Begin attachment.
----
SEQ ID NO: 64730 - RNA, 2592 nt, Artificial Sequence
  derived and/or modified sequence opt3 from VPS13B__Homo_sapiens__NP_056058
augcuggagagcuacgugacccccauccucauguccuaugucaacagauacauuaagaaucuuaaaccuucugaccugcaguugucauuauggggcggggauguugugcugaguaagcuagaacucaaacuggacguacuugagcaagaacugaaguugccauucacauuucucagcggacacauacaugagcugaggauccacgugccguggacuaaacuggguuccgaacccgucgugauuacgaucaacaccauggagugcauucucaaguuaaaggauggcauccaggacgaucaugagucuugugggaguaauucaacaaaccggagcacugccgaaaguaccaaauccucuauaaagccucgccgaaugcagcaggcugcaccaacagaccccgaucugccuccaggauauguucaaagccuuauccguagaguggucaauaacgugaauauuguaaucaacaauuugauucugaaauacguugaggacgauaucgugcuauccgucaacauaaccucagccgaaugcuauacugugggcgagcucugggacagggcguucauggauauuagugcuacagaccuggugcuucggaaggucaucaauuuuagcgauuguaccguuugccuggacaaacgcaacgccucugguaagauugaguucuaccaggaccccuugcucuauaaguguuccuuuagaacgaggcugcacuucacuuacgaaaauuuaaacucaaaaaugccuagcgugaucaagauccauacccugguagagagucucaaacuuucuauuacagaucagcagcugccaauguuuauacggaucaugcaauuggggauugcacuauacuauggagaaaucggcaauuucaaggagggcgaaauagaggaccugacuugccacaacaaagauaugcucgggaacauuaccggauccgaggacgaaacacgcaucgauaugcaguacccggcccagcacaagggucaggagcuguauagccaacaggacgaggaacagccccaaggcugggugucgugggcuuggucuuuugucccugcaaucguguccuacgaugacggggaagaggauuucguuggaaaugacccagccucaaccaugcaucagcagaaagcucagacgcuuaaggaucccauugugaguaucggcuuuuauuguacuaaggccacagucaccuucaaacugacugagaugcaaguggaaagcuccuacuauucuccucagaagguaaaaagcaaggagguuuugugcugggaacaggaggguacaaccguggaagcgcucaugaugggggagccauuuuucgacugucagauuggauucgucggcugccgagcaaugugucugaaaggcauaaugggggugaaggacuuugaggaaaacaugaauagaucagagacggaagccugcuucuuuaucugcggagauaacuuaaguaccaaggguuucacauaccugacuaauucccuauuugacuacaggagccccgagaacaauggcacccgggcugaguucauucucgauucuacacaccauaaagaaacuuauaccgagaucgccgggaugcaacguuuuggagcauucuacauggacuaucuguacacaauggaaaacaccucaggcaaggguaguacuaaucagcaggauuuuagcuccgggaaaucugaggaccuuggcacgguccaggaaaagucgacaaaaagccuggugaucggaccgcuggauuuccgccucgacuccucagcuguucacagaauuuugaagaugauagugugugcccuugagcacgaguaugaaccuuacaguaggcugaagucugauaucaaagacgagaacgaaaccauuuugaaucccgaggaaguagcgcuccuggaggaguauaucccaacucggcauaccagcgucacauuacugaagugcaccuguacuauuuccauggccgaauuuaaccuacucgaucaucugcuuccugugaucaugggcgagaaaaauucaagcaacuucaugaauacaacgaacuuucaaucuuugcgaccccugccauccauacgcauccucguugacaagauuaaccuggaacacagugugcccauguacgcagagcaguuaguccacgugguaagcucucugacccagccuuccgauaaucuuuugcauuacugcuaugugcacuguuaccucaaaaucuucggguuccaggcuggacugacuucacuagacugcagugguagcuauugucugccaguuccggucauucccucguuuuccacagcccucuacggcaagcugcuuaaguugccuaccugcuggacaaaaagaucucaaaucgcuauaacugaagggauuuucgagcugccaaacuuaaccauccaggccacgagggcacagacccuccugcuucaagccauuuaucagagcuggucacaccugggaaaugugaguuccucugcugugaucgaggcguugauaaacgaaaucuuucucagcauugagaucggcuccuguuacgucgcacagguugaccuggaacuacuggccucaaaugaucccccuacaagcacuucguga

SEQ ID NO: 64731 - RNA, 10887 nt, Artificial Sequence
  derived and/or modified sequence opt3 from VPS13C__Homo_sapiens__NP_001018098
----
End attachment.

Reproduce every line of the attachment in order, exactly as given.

SEQ ID NO: 64730 - RNA, 2592 nt, Artificial Sequence
  derived and/or modified sequence opt3 from VPS13B__Homo_sapiens__NP_056058
augcuggagagcuacgugacccccauccucauguccuaugucaacagauacauuaagaaucuuaaaccuucugaccugcaguugucauuauggggcggggauguugugcugaguaagcuagaacucaaacuggacguacuugagcaagaacugaaguugccauucacauuucucagcggacacauacaugagcugaggauccacgugccguggacuaaacuggguuccgaacccgucgugauuacgaucaacaccauggagugcauucucaaguuaaaggauggcauccaggacgaucaugagucuugugggaguaauucaacaaaccggagcacugccgaaaguaccaaauccucuauaaagccucgccgaaugcagcaggcugcaccaacagaccccgaucugccuccaggauauguucaaagccuuauccguagaguggucaauaacgugaauauuguaaucaacaauuugauucugaaauacguugaggacgauaucgugcuauccgucaacauaaccucagccgaaugcuauacugugggcgagcucugggacagggcguucauggauauuagugcuacagaccuggugcuucggaaggucaucaauuuuagcgauuguaccguuugccuggacaaacgcaacgccucugguaagauugaguucuaccaggaccccuugcucuauaaguguuccuuuagaacgaggcugcacuucacuuacgaaaauuuaaacucaaaaaugccuagcgugaucaagauccauacccugguagagagucucaaacuuucuauuacagaucagcagcugccaauguuuauacggaucaugcaauuggggauugcacuauacuauggagaaaucggcaauuucaaggagggcgaaauagaggaccugacuugccacaacaaagauaugcucgggaacauuaccggauccgaggacgaaacacgcaucgauaugcaguacccggcccagcacaagggucaggagcuguauagccaacaggacgaggaacagccccaaggcugggugucgugggcuuggucuuuugucccugcaaucguguccuacgaugacggggaagaggauuucguuggaaaugacccagccucaaccaugcaucagcagaaagcucagacgcuuaaggaucccauugugaguaucggcuuuuauuguacuaaggccacagucaccuucaaacugacugagaugcaaguggaaagcuccuacuauucuccucagaagguaaaaagcaaggagguuuugugcugggaacaggaggguacaaccguggaagcgcucaugaugggggagccauuuuucgacugucagauuggauucgucggcugccgagcaaugugucugaaaggcauaaugggggugaaggacuuugaggaaaacaugaauagaucagagacggaagccugcuucuuuaucugcggagauaacuuaaguaccaaggguuucacauaccugacuaauucccuauuugacuacaggagccccgagaacaauggcacccgggcugaguucauucucgauucuacacaccauaaagaaacuuauaccgagaucgccgggaugcaacguuuuggagcauucuacauggacuaucuguacacaauggaaaacaccucaggcaaggguaguacuaaucagcaggauuuuagcuccgggaaaucugaggaccuuggcacgguccaggaaaagucgacaaaaagccuggugaucggaccgcuggauuuccgccucgacuccucagcuguucacagaauuuugaagaugauagugugugcccuugagcacgaguaugaaccuuacaguaggcugaagucugauaucaaagacgagaacgaaaccauuuugaaucccgaggaaguagcgcuccuggaggaguauaucccaacucggcauaccagcgucacauuacugaagugcaccuguacuauuuccauggccgaauuuaaccuacucgaucaucugcuuccugugaucaugggcgagaaaaauucaagcaacuucaugaauacaacgaacuuucaaucuuugcgaccccugccauccauacgcauccucguugacaagauuaaccuggaacacagugugcccauguacgcagagcaguuaguccacgugguaagcucucugacccagccuuccgauaaucuuuugcauuacugcuaugugcacuguuaccucaaaaucuucggguuccaggcuggacugacuucacuagacugcagugguagcuauugucugccaguuccggucauucccucguuuuccacagcccucuacggcaagcugcuuaaguugccuaccugcuggacaaaaagaucucaaaucgcuauaacugaagggauuuucgagcugccaaacuuaaccauccaggccacgagggcacagacccuccugcuucaagccauuuaucagagcuggucacaccugggaaaugugaguuccucugcugugaucgaggcguugauaaacgaaaucuuucucagcauugagaucggcuccuguuacgucgcacagguugaccuggaacuacuggccucaaaugaucccccuacaagcacuucguga

SEQ ID NO: 64731 - RNA, 10887 nt, Artificial Sequence
  derived and/or modified sequence opt3 from VPS13C__Homo_sapiens__NP_001018098